Before Suze Orman, there was Sylvia Porter. Beginning her career in the 1930’s, many women worked in the home, and the ones who went to work were usually nurses or teachers. Certainly, they weren’t in finance. Yet Sylvia Porter was determined to learn what had caused the great depression and changed her major from English to Economics. She became a personal finance writer–maybe the first, true personal finance writer (writing under the name SF Porter)–in a newspaper column that became syndicated. She spoke and wrote and eventually, with the help of some additional writers (who received no credit), wrote Sylvia Porter’s Money Book. Her career lasted into the 1980’s, and she died in 1991.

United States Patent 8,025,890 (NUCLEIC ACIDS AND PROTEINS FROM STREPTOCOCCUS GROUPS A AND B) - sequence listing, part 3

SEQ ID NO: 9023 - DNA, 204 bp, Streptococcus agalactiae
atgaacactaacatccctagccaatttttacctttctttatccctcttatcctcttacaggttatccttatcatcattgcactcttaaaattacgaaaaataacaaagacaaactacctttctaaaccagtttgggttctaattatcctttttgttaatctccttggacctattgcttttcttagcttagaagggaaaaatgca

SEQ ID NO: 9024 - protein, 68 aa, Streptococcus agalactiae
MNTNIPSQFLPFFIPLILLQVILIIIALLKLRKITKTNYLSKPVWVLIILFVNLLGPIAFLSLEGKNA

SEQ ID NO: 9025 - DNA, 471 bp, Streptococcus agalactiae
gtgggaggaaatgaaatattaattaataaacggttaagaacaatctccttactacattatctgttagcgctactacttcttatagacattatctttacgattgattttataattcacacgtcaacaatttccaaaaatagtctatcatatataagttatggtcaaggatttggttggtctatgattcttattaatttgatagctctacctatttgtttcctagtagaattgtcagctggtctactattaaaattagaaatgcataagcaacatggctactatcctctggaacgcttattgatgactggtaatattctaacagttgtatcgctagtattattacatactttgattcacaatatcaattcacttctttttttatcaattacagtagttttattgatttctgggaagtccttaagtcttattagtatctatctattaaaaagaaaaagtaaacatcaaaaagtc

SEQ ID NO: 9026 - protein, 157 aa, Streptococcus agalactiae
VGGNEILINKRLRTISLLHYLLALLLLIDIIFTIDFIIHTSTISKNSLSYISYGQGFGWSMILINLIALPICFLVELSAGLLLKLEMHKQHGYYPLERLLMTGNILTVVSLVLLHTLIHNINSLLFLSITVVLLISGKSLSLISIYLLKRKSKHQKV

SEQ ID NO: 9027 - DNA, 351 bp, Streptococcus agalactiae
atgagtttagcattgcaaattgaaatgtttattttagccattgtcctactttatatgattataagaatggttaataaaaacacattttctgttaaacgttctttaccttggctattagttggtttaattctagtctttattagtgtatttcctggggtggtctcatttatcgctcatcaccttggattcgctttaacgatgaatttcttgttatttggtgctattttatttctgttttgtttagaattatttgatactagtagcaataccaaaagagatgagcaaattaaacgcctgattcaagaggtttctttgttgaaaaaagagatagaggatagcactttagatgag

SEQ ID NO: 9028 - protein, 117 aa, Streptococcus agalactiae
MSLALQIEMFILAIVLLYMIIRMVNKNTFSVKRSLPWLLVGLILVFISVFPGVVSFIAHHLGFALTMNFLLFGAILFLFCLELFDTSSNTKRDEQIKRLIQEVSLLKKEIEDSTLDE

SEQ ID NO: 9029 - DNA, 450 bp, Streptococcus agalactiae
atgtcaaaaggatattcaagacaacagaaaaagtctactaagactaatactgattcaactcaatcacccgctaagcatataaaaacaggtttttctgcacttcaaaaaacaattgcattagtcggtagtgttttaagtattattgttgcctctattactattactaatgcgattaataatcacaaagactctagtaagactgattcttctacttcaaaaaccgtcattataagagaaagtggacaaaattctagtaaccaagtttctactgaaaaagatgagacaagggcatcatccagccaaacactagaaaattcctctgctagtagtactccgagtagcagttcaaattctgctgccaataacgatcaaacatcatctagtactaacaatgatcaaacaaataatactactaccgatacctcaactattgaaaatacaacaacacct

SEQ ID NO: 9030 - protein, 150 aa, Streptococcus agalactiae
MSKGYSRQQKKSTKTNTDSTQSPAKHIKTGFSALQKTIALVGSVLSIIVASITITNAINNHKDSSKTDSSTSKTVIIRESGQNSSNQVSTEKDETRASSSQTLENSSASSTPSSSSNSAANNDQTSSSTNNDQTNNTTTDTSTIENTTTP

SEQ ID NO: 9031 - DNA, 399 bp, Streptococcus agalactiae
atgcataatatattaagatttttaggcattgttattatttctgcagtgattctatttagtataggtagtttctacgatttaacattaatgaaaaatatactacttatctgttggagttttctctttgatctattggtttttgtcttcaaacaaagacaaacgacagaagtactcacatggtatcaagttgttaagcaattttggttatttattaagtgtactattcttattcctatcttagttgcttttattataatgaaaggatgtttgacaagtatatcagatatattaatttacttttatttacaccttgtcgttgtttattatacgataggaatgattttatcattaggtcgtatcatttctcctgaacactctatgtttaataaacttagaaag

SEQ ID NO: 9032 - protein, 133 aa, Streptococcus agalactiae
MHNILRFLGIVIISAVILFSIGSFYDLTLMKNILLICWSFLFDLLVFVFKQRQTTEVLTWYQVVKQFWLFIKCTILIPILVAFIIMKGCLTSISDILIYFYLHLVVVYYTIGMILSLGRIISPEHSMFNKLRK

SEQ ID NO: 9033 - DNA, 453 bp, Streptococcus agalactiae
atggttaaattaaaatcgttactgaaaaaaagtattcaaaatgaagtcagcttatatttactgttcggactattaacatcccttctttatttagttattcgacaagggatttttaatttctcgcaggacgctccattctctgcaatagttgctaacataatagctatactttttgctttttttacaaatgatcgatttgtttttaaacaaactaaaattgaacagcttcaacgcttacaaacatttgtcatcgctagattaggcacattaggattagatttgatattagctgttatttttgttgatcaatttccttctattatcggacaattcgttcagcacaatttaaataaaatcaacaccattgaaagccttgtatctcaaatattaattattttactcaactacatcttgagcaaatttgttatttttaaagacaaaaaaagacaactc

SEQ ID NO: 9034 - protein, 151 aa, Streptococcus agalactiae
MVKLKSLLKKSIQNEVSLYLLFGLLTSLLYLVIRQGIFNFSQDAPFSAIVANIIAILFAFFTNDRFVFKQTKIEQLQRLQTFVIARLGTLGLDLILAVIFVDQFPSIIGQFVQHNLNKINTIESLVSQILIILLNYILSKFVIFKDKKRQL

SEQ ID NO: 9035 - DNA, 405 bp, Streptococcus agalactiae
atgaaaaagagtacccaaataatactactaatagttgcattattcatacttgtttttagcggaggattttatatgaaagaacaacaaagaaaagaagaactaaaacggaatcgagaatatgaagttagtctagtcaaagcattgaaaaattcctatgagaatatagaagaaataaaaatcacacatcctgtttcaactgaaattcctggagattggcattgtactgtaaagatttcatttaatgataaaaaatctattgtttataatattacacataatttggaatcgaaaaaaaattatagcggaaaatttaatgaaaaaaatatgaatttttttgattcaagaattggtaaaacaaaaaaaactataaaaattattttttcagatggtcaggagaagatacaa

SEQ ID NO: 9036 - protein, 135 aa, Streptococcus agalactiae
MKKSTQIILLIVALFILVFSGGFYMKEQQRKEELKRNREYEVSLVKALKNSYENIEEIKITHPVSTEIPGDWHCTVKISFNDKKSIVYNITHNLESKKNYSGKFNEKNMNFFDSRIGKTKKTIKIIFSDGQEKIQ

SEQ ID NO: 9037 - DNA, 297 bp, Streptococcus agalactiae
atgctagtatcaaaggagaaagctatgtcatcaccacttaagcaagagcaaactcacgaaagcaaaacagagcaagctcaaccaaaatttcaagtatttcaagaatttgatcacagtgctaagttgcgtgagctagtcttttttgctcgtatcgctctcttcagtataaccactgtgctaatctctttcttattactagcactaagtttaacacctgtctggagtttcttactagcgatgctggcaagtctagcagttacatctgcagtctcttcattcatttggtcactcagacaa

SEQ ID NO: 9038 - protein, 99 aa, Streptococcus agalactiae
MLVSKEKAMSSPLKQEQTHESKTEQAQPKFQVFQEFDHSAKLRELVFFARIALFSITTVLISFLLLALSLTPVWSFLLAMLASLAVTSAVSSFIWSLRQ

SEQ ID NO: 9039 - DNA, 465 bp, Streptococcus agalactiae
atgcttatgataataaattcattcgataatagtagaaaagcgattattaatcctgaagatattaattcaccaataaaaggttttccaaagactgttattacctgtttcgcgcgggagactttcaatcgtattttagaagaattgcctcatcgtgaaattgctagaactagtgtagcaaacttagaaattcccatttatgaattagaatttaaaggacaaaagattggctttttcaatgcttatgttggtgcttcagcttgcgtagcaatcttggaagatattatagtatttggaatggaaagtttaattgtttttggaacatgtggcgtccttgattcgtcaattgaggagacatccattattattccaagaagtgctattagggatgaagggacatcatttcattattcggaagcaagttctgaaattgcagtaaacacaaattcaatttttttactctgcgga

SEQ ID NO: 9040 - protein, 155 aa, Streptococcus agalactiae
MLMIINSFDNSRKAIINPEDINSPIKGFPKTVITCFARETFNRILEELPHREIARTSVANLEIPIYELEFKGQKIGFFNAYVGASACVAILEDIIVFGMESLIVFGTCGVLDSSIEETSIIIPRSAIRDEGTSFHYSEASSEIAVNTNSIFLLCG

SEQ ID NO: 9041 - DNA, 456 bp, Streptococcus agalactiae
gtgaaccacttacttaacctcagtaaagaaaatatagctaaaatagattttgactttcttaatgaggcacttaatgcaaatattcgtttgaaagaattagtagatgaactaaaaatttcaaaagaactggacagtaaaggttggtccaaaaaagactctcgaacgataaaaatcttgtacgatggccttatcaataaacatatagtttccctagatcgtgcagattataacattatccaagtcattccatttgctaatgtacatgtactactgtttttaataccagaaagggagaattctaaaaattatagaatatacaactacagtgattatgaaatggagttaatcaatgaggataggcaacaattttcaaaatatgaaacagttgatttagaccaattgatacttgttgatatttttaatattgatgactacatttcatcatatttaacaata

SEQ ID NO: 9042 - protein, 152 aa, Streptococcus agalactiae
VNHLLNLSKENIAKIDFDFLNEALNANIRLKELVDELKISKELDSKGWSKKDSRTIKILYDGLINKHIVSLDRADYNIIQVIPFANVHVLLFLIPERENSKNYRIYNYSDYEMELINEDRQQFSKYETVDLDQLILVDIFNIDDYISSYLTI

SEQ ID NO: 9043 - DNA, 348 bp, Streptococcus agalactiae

I really enjoyed Tracy Lucht’s biography of Sylvia Porter because it painted her with an unvarnished brush. Sylvia was brilliant, brave, and clever. She was also arrogant and very ambivalent when discussing women and money. On one hand, she gave tremendous financial advice while on the other hand, she claimed she always consulted her husband in decisions. Her role was difficult because even today, women in finance are a bit of an endangered species. In the 1930’s, she was so rare she could have been on display in a zoo.
Who Will Like This Book: Anyone who is interested in the history of personal financial education and anyone who is interested in gender studies in business.
Who Will Not Like This Book: Anyone who doesn’t enjoy biographies and anyone looking for personal finance advice. This is a book about the advice giver, not the advice, itself.